Picture a luxurious hotel in Moscow circa 1922 and a young aristocrat whose “dangerous” tendencies have caused a revolutionary tribunal to condemn him—not to death but to lifetime incarceration in that luxury hotel. Now imagine a novel that takes this situation as its starting point, confining the reader as well as the protagonist to a narrowly focused space, and you will have the beginning of a sense of what Amor Towles’s A Gentleman in Moscow (Viking, Sept.) is about. The book spans 30 years in the life of Count Rostov as he lives out his sentence in a small attic room.

Where did such an idea come from?

“I was in the financial field for about 20 years, and I traveled a great deal,” says Towles. “I was in a hotel in Geneva for a week, and I was recognizing people you’d see in the lobby, these weary figures, and I wondered what it would be like to live in a hotel for a long period of time, for the rest of your life. Russia was a perfect landscape, and I thought of someone under house arrest. That got me started.”

From there, he says, it was just a matter of finding the “voice” for the sentenced man, something which happened almost immediately. “There is a line Rostov says to his guards almost at the beginning, about ‘taking the lift or the stairs.’ I could see him, I could hear him—the exaggerated confidence—all embedded in this little exchange. That opened the door for me, and I got it, what he would think about this or that.”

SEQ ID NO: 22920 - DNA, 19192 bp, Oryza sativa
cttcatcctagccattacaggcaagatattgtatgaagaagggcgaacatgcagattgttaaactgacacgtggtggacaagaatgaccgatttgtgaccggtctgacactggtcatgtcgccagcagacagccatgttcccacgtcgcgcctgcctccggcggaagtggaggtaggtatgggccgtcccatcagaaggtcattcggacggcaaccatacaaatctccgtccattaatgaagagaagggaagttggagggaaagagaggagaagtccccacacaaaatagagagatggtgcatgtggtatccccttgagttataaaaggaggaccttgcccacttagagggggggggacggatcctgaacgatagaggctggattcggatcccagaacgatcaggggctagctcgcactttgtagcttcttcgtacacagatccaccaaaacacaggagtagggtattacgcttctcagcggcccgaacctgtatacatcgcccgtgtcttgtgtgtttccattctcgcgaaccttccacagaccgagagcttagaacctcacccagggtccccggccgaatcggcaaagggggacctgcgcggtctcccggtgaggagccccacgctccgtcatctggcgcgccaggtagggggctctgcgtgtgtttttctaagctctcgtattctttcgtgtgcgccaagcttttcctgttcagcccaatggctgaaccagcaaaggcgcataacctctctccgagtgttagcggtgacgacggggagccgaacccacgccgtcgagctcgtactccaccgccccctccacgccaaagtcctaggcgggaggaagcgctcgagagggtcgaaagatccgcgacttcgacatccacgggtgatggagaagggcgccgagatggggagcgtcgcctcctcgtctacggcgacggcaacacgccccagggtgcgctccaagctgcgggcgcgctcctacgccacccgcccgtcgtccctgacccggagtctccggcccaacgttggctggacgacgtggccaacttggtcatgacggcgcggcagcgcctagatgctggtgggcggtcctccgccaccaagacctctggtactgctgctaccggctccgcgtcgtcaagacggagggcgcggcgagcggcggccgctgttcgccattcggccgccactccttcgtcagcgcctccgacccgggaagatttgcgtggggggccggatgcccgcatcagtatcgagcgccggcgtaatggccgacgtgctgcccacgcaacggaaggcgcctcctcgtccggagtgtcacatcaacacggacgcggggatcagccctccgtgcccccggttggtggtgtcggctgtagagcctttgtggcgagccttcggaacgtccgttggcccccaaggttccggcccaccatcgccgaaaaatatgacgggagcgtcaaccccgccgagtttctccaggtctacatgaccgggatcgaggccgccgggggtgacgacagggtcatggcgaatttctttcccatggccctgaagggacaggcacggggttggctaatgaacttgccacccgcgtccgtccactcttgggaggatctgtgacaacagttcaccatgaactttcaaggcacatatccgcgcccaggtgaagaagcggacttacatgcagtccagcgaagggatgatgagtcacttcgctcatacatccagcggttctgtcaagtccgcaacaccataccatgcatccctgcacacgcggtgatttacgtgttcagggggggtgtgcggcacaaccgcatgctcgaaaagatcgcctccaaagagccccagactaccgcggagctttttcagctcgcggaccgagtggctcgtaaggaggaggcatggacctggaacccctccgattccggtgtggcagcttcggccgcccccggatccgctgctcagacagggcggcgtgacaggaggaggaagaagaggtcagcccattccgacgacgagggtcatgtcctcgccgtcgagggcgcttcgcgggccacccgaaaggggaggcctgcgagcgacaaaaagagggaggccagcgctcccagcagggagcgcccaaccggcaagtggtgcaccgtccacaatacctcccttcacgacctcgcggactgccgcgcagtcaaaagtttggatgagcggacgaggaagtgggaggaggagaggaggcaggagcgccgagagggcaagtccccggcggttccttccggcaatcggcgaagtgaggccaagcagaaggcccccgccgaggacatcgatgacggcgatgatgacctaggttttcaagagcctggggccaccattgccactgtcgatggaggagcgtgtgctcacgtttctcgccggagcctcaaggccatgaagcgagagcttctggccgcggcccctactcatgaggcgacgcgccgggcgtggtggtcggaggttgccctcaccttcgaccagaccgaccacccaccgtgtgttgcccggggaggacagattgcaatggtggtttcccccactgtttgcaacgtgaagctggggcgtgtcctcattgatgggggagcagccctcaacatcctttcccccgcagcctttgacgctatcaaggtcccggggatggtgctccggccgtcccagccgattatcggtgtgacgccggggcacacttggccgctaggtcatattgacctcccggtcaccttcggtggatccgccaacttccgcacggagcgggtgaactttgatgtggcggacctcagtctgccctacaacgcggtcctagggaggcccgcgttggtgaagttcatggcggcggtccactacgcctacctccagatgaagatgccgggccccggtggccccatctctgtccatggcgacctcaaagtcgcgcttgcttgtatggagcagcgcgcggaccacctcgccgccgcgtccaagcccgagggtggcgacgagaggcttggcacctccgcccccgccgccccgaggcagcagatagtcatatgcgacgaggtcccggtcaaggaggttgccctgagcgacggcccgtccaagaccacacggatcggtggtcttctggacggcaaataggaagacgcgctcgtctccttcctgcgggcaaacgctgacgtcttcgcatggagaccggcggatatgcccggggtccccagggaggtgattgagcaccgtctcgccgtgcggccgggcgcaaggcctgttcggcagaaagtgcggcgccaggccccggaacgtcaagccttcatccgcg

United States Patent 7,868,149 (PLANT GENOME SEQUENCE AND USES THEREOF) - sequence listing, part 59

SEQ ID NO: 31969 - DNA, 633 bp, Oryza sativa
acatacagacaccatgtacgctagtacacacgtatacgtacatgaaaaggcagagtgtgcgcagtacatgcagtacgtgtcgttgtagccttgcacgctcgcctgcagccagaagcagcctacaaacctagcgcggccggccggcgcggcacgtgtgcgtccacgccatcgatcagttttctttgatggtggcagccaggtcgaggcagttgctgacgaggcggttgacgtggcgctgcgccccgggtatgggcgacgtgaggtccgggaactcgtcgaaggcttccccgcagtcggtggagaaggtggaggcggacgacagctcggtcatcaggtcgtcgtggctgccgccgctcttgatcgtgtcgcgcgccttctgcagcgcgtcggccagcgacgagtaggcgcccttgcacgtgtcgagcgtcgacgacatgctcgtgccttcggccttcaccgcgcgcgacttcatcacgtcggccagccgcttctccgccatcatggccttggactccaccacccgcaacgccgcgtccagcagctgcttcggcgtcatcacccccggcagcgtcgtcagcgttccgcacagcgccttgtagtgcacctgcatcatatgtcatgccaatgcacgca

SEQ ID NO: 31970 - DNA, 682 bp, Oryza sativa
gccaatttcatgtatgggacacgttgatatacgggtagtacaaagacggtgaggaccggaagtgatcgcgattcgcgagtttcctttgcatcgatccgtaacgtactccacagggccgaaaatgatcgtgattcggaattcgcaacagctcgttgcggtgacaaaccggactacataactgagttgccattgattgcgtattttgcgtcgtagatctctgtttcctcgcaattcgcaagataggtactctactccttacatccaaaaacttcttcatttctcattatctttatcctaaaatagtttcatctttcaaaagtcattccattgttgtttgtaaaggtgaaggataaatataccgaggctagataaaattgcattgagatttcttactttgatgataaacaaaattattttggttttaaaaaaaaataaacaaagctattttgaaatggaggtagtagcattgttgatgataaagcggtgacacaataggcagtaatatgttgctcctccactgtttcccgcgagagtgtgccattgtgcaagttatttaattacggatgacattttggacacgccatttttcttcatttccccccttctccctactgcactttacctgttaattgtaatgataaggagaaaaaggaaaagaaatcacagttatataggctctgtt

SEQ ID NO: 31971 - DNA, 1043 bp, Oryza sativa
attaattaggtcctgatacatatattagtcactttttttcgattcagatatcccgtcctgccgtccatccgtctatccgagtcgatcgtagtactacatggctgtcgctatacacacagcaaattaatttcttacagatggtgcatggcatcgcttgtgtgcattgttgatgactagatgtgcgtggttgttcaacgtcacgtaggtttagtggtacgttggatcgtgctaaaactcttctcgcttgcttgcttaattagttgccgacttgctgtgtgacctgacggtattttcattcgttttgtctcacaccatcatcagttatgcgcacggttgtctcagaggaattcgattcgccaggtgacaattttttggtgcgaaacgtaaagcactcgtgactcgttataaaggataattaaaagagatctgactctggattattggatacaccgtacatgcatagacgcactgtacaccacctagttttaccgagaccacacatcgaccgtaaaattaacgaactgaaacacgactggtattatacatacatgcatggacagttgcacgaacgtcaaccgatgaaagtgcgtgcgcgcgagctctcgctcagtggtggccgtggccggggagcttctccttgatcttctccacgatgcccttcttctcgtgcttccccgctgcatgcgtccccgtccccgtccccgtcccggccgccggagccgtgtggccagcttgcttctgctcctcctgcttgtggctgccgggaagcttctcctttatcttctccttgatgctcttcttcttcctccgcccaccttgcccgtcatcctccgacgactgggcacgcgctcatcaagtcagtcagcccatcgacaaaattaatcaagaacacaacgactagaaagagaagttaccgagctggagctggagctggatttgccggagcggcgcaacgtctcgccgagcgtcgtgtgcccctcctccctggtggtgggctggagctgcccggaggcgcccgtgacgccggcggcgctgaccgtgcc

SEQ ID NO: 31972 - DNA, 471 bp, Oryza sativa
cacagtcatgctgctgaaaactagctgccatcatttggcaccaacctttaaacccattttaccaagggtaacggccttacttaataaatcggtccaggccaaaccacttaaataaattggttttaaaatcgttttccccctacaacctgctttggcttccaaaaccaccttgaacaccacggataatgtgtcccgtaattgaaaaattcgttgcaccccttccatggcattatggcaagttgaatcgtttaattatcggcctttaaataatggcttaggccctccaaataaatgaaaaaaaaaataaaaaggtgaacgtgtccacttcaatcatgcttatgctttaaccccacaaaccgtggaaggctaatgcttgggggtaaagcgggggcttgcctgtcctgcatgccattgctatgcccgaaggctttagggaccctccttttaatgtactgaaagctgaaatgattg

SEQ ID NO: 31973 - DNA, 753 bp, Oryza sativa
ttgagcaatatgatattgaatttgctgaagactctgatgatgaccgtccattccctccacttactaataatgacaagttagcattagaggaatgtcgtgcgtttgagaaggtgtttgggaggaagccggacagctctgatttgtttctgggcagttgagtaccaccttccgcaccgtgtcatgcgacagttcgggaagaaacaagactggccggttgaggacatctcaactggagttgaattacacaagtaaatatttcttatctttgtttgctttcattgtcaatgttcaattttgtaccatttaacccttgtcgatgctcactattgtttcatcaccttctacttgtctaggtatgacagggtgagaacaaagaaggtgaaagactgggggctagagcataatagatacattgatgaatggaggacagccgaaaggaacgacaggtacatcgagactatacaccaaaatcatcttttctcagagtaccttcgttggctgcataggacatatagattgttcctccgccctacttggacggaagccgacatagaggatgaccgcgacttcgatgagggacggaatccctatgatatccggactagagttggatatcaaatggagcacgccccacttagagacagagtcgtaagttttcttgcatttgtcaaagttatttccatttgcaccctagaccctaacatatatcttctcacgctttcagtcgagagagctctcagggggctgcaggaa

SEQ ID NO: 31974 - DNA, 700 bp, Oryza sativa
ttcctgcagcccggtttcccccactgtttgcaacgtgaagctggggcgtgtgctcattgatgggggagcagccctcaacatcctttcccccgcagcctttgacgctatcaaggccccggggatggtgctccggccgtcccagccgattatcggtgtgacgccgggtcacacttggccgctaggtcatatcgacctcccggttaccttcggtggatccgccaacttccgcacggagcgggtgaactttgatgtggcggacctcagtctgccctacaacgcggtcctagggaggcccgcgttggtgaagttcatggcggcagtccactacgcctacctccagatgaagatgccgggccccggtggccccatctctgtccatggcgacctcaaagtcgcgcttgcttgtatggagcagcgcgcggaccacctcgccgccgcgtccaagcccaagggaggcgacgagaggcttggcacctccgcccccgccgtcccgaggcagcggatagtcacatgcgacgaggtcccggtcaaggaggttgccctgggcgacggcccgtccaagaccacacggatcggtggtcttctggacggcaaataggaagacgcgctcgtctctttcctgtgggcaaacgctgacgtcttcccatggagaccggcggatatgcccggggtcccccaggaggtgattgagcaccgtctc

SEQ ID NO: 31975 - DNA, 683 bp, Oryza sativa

As in his 2011 bestselling debut novel, Rules of Civility, set in New York City in the 1930s, Towles intertwines in his plot real events and places with those that are totally made up. “I like the border-line between the real and the make-believe,” he says. “I use time past to my advantage. If I can get into a middle ground of 50 or 60 years ago, there’s enough familiarity there, but people don’t know it so well that they can pin anything down.”

The most challenging element in the book is also its most critical: its sense of confinement. “I wanted to give a sense of claustrophobia,” says Towles, “but I didn’t want the reader to feel they are under house arrest. This was the biggest risk in the premise. I wanted to convey the richness of life, but in a single building.”

Today Towles will be at the Library Journal Breakfast at McCormick Place, 7–9 a.m. From 11:30 a.m. to noon, he will be in conversation with Washington Post book editor Ron Charles on the Downtown Stage. From 4 to 5 p.m., he will be signing galleys at the Penguin booth (2433, 2441).

This article appeared in the May 12, 2016 edition of PW BEA Show Daily.